Recently, there has been significant progress in the healthcare and Artificial Intelligence industries. In healthcare alone, the AI market is estimated to be a $10 billion industry by 2024. To give you an idea of magnitude, health spending in the US alone represents 17.1% of GDP, globally the number is a little a smaller at 9.9%, according to World Bank data.
The figures paint a clear picture: this industry is ripe for digital transformation with the help of AI. Earlier this year, Accenture released a report on the digital health tech industry and the number one trend was listed as “AI is the New UI.” As the health is something that impacts us all, it makes sense to find new ways of applying pre-existing technology to all facets of the health industry.
Current State of AI and Healthcare
A common example we hear about technological developments in health is diagnosis support for doctors. This is an example where significant progress has been made, with the help of AI, to provide analytical support. However, the healthcare industry encompasses many fields, like pharmaceuticals, medical, IoT, healthcare/insurance, and patient care industries to give a few examples. When dealing with such a diverse industry, there are an abundant amount of use cases that have yet to utilize new technological solutions.
For example, we are working with one of the leading international healthcare company, helping them to achieve their goals by automating the writing of certain data-driven reports with the help of Natural Language Generation (NLG). As a result, they’ve been able to automate 80% of the work with 100% accuracy in certain sections of reports, freeing up employees to focus on more creative, non-routine tasks.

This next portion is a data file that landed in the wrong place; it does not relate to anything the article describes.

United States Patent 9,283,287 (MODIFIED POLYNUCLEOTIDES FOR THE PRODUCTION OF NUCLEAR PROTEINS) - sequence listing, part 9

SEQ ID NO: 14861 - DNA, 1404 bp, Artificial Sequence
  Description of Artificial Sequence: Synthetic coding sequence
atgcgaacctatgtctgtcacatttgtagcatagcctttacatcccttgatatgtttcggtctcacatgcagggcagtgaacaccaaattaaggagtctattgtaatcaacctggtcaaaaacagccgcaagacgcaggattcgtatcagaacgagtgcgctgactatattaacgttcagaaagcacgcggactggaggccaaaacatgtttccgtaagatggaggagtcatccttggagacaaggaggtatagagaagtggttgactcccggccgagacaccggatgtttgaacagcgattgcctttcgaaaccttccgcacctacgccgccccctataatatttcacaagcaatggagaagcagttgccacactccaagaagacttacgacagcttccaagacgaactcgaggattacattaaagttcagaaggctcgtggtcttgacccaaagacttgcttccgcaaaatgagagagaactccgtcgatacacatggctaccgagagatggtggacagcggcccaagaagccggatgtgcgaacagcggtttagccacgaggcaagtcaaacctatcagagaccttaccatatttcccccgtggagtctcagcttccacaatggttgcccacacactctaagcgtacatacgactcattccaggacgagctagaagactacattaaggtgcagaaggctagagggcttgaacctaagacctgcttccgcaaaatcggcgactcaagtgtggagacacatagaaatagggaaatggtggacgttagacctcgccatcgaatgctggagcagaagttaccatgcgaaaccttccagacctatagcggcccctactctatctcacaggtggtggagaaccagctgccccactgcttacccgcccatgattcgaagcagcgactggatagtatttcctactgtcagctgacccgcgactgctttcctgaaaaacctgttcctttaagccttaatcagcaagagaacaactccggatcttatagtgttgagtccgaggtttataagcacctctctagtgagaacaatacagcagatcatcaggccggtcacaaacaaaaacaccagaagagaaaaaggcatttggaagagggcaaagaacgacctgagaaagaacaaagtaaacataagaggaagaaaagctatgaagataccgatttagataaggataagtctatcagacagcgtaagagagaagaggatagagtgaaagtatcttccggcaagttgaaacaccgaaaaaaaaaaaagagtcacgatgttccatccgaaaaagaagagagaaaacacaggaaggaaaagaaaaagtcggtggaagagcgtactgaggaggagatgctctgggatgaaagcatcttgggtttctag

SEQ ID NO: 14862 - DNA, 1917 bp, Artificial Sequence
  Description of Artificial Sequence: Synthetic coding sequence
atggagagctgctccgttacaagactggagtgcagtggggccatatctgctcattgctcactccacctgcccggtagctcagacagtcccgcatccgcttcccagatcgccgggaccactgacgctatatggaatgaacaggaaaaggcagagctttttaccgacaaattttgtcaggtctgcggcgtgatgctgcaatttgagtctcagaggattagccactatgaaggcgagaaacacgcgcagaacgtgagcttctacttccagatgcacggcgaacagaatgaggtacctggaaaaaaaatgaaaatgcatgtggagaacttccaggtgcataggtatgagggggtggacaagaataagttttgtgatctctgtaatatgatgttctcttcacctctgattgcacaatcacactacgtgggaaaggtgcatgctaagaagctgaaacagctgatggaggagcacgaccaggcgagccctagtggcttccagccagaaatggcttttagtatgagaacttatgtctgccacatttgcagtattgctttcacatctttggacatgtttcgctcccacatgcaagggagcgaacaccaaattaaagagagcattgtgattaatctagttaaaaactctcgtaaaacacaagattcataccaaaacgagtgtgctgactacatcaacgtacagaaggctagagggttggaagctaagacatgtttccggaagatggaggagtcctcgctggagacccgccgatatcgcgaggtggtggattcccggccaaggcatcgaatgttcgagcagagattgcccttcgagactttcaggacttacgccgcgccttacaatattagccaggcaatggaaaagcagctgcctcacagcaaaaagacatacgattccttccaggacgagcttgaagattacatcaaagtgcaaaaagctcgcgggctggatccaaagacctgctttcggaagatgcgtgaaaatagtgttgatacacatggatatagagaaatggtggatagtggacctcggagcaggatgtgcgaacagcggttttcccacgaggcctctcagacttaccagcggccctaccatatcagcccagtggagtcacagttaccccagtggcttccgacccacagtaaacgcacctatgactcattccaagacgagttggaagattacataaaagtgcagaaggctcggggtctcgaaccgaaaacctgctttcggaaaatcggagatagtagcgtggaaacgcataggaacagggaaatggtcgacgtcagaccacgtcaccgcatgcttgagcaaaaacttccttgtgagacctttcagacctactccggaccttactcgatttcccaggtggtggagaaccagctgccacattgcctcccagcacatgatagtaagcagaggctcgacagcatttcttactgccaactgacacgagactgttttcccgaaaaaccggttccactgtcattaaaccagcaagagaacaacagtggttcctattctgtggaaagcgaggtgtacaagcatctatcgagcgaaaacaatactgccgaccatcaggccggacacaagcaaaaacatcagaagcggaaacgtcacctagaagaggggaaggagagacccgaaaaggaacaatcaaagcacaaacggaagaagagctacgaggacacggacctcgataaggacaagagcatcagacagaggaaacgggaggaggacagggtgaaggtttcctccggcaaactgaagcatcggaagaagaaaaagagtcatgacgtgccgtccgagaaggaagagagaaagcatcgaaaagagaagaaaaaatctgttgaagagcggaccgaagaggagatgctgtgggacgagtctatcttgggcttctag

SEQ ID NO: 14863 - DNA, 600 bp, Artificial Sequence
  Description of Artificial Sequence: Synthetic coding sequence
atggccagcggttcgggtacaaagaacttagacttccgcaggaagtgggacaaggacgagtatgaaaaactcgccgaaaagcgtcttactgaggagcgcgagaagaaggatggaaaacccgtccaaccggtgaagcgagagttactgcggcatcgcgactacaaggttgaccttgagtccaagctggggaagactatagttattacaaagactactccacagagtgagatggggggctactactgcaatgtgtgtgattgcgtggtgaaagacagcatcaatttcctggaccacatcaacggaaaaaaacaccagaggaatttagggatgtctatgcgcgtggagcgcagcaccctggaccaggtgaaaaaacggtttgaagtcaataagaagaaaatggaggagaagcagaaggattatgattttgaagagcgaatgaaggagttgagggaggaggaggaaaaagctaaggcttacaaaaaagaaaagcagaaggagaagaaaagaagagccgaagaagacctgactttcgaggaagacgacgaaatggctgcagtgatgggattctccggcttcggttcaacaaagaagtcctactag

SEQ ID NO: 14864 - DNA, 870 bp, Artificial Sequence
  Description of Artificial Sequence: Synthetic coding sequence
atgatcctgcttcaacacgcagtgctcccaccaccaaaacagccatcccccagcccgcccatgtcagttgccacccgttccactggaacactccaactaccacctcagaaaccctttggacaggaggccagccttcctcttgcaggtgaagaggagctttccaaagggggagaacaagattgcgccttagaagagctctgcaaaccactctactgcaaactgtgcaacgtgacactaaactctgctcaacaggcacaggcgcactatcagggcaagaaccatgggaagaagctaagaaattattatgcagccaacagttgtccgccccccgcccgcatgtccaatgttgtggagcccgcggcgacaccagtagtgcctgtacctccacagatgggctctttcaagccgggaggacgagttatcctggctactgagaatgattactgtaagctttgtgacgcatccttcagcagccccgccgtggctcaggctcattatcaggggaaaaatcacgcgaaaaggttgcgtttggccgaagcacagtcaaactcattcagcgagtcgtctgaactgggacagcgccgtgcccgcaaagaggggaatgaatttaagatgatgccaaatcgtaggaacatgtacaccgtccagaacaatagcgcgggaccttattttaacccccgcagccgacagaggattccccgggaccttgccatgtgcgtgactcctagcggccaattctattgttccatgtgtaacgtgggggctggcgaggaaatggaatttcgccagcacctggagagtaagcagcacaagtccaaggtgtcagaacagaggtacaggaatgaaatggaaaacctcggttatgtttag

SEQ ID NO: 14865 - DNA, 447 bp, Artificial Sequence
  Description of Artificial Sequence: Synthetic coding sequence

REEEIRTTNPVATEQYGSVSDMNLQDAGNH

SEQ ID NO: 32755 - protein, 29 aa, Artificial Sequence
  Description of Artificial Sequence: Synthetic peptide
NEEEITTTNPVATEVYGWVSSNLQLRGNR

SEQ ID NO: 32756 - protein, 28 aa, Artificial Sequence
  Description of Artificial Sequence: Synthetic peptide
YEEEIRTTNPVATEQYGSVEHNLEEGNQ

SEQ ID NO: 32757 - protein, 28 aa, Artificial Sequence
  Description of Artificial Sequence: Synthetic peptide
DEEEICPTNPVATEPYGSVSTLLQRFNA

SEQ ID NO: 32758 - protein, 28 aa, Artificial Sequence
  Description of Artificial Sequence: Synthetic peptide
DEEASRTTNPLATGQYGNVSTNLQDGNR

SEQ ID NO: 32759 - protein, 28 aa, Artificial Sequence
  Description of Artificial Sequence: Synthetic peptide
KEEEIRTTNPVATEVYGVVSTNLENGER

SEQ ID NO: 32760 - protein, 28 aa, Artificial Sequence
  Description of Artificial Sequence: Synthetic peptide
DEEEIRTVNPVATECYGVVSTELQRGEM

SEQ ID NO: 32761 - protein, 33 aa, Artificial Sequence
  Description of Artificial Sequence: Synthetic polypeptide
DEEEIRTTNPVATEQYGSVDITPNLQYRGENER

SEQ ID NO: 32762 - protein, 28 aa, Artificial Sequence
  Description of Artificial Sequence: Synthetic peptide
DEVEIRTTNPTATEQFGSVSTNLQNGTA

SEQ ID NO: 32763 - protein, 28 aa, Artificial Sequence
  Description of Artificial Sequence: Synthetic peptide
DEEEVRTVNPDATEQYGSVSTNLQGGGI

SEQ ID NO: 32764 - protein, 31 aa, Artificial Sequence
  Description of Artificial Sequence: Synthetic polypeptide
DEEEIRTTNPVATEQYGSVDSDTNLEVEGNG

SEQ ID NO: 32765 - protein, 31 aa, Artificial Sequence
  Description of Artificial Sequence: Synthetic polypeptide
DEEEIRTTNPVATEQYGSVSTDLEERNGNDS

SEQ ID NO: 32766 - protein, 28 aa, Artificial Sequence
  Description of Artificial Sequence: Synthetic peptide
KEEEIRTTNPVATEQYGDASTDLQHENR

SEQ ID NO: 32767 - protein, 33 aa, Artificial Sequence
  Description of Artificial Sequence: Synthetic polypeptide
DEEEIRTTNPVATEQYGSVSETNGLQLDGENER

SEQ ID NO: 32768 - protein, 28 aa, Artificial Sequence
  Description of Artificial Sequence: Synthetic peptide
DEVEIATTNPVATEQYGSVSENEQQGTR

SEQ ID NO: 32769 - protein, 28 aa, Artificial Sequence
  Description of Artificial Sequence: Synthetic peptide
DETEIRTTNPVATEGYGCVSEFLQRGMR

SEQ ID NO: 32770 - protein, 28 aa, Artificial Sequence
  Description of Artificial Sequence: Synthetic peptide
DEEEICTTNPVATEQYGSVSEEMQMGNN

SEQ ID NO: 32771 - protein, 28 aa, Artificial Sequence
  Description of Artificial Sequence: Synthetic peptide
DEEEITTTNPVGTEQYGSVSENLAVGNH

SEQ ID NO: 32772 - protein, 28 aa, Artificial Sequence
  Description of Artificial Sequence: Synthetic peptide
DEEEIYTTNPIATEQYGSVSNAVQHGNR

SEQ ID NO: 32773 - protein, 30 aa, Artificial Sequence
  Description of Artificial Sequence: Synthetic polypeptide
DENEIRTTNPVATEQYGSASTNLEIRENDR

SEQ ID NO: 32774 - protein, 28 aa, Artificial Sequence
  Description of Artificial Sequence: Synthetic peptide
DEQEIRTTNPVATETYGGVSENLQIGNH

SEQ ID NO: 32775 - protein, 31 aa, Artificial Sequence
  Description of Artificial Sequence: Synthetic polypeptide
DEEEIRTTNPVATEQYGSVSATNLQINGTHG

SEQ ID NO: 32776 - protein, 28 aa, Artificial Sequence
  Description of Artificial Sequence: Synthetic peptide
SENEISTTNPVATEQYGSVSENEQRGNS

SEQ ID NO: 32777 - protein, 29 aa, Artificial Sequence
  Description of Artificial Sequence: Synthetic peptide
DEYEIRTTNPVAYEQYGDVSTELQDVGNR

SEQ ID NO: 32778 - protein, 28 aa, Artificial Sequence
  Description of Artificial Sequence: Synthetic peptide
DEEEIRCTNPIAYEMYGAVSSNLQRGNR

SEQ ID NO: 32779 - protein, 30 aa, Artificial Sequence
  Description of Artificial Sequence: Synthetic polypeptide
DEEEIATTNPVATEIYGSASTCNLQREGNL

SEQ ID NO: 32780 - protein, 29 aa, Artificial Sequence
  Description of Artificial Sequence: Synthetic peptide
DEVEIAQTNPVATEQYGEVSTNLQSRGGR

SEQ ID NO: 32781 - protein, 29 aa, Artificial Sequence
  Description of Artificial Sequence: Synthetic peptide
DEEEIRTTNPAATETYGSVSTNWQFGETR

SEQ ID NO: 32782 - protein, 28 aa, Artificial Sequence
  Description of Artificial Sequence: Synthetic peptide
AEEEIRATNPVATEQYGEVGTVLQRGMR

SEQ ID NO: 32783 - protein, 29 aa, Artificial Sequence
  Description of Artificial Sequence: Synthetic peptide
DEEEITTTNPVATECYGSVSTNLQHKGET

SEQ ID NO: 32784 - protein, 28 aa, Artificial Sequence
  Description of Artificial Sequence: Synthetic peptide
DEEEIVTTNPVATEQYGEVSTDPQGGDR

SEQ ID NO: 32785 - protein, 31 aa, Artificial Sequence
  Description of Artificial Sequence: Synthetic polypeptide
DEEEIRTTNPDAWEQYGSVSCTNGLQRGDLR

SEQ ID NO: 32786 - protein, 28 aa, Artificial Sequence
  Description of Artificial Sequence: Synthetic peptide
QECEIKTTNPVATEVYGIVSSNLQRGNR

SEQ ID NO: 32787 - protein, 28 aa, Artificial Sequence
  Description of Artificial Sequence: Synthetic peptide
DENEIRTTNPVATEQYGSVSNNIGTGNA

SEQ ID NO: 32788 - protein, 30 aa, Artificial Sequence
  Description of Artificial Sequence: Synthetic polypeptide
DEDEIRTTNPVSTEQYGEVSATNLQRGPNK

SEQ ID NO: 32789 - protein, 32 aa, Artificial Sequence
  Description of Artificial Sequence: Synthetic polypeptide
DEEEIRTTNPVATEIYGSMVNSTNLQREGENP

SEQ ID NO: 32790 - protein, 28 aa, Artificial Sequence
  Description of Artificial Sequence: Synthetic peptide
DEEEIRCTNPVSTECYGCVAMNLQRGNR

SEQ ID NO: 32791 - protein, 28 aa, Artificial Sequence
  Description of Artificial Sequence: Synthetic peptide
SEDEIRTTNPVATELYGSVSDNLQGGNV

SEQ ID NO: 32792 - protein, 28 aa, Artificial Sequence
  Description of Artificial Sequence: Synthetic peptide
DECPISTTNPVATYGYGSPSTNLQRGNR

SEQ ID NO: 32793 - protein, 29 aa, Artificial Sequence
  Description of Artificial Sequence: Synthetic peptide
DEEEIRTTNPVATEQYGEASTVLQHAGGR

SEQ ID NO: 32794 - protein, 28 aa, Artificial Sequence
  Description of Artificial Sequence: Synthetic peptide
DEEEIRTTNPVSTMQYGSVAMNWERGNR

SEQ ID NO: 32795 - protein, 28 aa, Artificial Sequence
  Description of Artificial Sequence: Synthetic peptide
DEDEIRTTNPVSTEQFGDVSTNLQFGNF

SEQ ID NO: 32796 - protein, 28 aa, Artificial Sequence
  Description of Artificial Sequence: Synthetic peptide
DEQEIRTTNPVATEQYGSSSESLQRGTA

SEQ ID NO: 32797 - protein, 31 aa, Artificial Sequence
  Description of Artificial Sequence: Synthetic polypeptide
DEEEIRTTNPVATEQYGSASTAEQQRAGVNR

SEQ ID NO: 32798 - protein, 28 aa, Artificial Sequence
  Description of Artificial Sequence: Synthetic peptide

This particular example is still relatively unique. So, the question still remains, why are parts of the healthcare industry slow to adopt new technology?
Pre-Existing Challenges in Healthcare
There are three main challenges that are unique to the healthcare industry, making it difficult to adopt new technology:
- Lack of Digitalization: due to legacy systems, paper and physical documentation used to be a fundamental part of the industry. Today, digitization of medical data is going to be a critical step to create a foundation for the industry to move forward in this technological world.
- Regulatory Demands: similar to finance, the healthcare industry is highly regulated. It’s crucial to adopt technologies that can incorporate, apply, and adapt to regulatory constraints.
- Security Concerns: Data breaches are a constant concern among many industries, and the health industry is no exception. Pharmacies, hospitals, and laboratories are all examples of places where data breaches can take place.
In order for AI technology in the healthcare industry to be adopted, tech companies must develop solutions that can address each of these concerns.
Today, it’s as if there are two worlds existing in the same industry. There are areas where so much progress has been made with regards to embracing new technological advancements and incorporating automation into existing business processes. However, there is still another part, where the digital transition is occurring at a much slower rate. It’s clear that the health industry will be transforming drastically over the next few decades. Download this eBook to learn more about the different types of analytics (descriptive, predictive, and prescriptive):